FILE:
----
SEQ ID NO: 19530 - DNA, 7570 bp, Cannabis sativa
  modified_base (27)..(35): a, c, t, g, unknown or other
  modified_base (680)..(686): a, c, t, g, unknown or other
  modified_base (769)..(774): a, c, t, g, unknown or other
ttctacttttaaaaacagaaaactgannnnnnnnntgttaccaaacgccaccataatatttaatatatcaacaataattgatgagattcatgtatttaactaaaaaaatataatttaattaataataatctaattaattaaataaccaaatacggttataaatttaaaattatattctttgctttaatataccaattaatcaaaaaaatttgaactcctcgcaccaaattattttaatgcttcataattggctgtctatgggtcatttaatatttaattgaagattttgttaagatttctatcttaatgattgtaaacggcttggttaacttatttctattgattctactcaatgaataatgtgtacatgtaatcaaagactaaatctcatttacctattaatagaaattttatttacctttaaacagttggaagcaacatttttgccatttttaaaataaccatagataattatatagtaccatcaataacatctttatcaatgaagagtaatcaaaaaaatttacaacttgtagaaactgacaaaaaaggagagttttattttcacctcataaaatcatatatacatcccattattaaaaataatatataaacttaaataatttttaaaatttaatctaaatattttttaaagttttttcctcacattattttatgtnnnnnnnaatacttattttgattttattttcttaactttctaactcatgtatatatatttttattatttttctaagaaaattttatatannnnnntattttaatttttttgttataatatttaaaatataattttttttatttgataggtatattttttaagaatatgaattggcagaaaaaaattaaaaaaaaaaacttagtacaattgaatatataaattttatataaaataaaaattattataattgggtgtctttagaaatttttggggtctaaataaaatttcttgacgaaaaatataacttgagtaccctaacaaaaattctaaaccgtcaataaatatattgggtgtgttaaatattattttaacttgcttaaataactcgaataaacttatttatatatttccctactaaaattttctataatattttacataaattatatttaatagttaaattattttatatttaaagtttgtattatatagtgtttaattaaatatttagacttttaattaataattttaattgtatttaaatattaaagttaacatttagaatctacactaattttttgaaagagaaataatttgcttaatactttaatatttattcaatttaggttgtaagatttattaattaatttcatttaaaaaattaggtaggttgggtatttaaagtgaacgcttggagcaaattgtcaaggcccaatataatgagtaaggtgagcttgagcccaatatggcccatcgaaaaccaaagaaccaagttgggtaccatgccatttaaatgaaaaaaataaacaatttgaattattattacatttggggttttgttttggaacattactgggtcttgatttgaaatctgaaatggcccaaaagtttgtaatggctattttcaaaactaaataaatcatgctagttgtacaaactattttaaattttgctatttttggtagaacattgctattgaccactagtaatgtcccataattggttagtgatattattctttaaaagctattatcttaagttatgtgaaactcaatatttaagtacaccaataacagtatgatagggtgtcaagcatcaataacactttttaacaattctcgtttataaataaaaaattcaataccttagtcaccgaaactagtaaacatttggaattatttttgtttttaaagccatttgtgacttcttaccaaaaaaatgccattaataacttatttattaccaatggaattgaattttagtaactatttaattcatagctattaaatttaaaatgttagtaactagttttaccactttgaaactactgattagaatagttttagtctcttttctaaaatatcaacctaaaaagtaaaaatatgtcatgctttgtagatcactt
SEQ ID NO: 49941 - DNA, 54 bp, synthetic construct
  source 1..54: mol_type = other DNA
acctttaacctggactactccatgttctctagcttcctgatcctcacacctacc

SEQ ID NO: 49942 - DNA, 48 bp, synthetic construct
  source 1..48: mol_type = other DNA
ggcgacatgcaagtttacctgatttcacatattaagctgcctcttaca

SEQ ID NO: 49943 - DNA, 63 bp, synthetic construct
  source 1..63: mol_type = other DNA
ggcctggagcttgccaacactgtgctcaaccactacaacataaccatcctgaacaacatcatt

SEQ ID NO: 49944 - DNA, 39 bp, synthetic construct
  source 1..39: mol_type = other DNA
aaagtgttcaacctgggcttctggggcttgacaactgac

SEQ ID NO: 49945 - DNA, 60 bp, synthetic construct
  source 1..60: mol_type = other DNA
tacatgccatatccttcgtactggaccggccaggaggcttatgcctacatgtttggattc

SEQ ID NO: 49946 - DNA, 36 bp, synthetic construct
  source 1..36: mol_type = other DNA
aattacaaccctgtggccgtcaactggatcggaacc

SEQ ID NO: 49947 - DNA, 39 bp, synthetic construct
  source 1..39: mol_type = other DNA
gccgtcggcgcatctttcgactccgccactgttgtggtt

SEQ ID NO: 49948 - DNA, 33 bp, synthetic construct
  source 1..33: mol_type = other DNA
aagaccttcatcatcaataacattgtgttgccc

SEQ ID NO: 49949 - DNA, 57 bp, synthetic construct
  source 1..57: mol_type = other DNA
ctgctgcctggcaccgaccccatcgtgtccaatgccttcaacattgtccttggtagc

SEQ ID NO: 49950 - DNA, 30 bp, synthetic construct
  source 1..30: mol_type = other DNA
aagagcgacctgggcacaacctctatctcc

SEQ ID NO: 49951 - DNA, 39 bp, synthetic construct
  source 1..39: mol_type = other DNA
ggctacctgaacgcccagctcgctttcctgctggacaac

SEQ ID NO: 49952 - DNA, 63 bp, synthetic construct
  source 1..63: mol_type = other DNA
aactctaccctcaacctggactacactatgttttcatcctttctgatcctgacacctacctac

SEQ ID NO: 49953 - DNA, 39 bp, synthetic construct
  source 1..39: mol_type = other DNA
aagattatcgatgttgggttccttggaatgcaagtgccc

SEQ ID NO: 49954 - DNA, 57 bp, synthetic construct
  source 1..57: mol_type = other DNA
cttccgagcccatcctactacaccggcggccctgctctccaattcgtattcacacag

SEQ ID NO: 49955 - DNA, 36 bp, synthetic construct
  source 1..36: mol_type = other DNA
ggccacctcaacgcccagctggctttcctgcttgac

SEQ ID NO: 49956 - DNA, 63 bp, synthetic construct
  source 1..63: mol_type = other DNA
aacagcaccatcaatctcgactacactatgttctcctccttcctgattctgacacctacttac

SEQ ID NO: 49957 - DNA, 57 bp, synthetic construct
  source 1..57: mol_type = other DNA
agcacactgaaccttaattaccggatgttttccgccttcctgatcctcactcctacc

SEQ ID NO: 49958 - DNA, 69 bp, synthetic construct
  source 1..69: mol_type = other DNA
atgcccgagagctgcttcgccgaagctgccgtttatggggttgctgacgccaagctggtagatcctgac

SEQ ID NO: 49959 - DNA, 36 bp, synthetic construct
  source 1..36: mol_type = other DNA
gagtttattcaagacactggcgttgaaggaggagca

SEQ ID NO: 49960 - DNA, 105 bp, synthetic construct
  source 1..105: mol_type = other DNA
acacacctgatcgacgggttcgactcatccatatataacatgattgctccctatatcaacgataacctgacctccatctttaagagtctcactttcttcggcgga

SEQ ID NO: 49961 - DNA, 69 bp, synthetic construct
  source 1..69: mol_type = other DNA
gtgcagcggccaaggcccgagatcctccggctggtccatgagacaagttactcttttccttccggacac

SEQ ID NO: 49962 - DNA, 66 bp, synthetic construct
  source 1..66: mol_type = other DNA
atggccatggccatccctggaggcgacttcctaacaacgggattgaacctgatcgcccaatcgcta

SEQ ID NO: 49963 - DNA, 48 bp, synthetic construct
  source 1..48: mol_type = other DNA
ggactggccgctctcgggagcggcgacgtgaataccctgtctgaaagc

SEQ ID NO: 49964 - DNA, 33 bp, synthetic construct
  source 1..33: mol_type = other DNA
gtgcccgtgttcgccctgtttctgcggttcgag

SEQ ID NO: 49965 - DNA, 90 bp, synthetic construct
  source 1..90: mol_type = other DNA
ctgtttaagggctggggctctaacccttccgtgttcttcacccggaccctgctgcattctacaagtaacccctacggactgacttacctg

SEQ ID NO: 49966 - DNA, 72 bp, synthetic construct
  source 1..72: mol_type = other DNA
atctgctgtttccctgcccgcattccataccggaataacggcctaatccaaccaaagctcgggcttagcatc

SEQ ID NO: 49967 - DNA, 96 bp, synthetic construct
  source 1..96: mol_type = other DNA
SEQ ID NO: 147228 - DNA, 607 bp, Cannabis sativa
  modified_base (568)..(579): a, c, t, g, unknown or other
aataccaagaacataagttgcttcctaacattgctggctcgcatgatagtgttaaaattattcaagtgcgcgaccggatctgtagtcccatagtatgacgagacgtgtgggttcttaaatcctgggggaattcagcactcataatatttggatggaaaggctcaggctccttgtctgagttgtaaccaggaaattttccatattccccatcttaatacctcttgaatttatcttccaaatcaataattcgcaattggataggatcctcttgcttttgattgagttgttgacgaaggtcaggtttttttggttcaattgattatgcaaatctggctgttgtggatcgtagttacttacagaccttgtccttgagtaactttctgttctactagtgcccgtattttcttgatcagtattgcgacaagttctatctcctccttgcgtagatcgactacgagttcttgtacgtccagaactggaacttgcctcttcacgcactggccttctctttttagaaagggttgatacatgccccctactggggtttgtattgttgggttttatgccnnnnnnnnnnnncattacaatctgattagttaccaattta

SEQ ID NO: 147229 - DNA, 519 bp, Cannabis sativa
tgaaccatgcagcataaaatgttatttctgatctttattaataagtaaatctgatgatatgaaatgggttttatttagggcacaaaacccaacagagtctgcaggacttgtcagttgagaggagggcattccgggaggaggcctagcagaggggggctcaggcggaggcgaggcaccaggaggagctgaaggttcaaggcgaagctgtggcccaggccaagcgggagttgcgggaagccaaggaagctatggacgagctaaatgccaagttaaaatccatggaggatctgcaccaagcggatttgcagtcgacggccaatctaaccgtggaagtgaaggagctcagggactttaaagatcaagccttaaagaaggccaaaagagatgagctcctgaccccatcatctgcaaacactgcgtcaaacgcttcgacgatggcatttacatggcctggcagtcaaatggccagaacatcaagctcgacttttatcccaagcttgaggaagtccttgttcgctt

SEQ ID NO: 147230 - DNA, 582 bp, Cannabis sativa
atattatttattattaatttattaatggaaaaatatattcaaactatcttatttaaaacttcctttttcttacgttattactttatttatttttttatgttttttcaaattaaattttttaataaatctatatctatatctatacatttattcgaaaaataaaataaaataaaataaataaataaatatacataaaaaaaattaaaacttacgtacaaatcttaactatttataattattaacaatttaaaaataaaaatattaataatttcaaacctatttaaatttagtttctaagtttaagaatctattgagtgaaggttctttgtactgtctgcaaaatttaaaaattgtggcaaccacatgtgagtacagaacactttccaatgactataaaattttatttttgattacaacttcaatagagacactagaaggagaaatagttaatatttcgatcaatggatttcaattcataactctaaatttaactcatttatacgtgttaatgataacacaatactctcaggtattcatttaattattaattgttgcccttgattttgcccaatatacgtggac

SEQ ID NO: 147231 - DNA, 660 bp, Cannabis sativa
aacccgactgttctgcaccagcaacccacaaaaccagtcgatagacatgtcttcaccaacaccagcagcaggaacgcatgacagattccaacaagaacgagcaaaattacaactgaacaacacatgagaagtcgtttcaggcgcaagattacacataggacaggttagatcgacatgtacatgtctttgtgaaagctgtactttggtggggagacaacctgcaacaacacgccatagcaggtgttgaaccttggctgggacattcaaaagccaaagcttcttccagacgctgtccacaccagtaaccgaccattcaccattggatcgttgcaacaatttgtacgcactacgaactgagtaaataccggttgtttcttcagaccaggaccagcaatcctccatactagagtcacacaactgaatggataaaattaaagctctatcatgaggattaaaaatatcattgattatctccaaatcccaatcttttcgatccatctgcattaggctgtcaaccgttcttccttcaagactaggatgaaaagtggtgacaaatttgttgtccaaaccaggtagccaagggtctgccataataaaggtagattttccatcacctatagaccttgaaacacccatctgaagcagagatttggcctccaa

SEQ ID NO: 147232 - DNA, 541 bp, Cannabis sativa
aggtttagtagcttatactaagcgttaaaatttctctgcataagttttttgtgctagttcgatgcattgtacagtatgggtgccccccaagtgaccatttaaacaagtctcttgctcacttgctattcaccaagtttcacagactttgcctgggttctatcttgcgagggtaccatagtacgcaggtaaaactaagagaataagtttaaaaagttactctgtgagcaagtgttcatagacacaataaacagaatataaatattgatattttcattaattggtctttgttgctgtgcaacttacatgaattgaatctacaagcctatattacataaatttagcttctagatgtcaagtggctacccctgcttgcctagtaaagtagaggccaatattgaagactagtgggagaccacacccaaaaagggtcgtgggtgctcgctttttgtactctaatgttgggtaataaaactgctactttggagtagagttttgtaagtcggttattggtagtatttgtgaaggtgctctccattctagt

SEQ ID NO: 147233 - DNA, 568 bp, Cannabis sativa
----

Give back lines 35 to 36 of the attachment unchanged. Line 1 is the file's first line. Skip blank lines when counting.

aagagcgacctgggcacaacctctatctcc

SEQ ID NO: 49951 - DNA, 39 bp, synthetic construct